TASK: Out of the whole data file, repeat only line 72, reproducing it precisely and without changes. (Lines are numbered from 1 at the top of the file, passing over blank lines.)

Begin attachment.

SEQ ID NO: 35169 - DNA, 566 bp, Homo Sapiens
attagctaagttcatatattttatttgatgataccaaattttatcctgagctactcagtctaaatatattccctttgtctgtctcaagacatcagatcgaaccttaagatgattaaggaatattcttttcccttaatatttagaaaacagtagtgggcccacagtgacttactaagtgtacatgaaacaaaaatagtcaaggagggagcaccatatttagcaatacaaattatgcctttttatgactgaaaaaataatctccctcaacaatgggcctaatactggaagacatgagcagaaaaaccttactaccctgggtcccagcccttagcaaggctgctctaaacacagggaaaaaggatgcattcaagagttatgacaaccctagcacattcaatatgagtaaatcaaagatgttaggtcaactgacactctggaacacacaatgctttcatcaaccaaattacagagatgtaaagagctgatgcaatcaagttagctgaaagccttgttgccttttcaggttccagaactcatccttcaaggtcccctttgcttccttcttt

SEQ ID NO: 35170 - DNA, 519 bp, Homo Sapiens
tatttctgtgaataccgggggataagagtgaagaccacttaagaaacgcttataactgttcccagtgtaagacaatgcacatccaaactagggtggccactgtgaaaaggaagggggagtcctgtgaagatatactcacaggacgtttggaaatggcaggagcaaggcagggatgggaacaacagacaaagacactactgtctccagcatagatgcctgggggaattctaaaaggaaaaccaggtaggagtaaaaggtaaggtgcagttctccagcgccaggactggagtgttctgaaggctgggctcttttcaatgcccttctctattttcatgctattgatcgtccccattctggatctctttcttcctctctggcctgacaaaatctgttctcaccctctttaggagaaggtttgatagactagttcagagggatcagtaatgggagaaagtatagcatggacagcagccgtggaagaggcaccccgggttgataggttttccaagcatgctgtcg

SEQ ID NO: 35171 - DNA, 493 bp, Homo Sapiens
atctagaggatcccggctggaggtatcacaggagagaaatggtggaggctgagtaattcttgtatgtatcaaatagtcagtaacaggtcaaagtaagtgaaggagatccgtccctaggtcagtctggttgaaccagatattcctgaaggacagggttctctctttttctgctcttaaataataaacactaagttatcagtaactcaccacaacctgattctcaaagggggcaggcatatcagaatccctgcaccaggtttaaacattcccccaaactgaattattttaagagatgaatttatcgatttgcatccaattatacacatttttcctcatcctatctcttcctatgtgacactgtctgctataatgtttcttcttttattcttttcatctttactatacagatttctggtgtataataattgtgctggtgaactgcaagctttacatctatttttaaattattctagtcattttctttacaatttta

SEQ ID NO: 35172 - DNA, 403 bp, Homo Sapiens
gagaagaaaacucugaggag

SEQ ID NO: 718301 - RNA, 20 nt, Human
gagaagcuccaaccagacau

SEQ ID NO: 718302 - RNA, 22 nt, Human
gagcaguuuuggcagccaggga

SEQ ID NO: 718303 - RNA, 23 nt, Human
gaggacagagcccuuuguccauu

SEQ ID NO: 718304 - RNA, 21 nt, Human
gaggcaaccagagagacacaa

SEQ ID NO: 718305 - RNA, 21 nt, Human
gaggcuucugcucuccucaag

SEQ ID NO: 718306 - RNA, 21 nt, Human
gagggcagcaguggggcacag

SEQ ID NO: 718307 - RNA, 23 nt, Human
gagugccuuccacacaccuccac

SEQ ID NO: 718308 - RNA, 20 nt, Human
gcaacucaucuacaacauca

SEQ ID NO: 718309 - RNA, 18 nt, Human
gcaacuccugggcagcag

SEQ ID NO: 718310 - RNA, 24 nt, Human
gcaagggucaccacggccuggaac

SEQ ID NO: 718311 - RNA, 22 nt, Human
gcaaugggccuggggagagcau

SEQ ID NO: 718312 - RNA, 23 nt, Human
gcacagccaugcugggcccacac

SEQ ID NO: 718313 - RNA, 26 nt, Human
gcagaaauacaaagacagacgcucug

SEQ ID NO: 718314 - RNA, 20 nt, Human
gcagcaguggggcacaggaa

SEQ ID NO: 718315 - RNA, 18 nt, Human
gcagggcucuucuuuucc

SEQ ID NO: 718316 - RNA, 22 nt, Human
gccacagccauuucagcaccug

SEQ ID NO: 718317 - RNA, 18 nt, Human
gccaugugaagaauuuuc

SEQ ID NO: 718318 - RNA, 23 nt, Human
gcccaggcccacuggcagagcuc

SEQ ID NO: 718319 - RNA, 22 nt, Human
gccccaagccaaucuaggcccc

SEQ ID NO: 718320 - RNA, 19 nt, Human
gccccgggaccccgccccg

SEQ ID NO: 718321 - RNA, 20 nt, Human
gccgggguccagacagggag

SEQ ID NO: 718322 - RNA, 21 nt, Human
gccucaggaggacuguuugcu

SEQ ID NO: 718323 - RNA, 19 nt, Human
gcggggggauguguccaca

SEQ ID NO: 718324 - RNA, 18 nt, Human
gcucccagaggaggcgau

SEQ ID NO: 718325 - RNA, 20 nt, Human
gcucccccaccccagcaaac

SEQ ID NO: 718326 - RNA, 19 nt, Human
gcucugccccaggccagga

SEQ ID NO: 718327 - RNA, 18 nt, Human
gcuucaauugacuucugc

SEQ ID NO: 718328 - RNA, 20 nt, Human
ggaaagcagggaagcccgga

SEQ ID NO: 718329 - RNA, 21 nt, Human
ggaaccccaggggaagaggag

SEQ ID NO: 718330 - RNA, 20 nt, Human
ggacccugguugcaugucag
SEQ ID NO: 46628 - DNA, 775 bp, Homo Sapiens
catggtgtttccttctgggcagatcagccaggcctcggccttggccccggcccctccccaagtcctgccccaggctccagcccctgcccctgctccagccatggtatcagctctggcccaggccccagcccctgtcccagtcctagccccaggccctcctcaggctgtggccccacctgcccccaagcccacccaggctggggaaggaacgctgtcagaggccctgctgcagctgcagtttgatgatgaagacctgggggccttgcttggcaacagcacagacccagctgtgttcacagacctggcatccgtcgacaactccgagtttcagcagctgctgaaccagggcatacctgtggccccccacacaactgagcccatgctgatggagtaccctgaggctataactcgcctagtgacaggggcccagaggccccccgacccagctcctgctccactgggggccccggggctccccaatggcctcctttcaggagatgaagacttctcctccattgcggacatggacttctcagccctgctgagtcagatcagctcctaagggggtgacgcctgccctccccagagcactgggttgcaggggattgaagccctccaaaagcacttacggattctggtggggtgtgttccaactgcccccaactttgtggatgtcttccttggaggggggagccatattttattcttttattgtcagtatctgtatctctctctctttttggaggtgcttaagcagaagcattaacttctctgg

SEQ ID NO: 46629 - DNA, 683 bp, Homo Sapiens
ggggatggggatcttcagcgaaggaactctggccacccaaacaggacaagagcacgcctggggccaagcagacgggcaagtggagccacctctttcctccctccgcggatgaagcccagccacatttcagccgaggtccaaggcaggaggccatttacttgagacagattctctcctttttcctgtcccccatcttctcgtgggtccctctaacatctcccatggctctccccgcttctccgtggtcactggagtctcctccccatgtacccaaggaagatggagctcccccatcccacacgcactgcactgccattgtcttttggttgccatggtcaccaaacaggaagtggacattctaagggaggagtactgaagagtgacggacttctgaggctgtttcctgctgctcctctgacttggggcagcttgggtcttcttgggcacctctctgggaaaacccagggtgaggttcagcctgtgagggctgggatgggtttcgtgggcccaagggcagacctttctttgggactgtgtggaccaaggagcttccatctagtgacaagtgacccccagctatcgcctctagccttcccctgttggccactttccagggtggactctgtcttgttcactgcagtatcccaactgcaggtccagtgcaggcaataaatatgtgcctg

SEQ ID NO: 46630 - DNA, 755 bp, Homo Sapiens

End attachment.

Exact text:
ggggatggggatcttcagcgaaggaactctggccacccaaacaggacaagagcacgcctggggccaagcagacgggcaagtggagccacctctttcctccctccgcggatgaagcccagccacatttcagccgaggtccaaggcaggaggccatttacttgagacagattctctcctttttcctgtcccccatcttctcgtgggtccctctaacatctcccatggctctccccgcttctccgtggtcactggagtctcctccccatgtacccaaggaagatggagctcccccatcccacacgcactgcactgccattgtcttttggttgccatggtcaccaaacaggaagtggacattctaagggaggagtactgaagagtgacggacttctgaggctgtttcctgctgctcctctgacttggggcagcttgggtcttcttgggcacctctctgggaaaacccagggtgaggttcagcctgtgagggctgggatgggtttcgtgggcccaagggcagacctttctttgggactgtgtggaccaaggagcttccatctagtgacaagtgacccccagctatcgcctctagccttcccctgttggccactttccagggtggactctgtcttgttcactgcagtatcccaactgcaggtccagtgcaggcaataaatatgtgcctg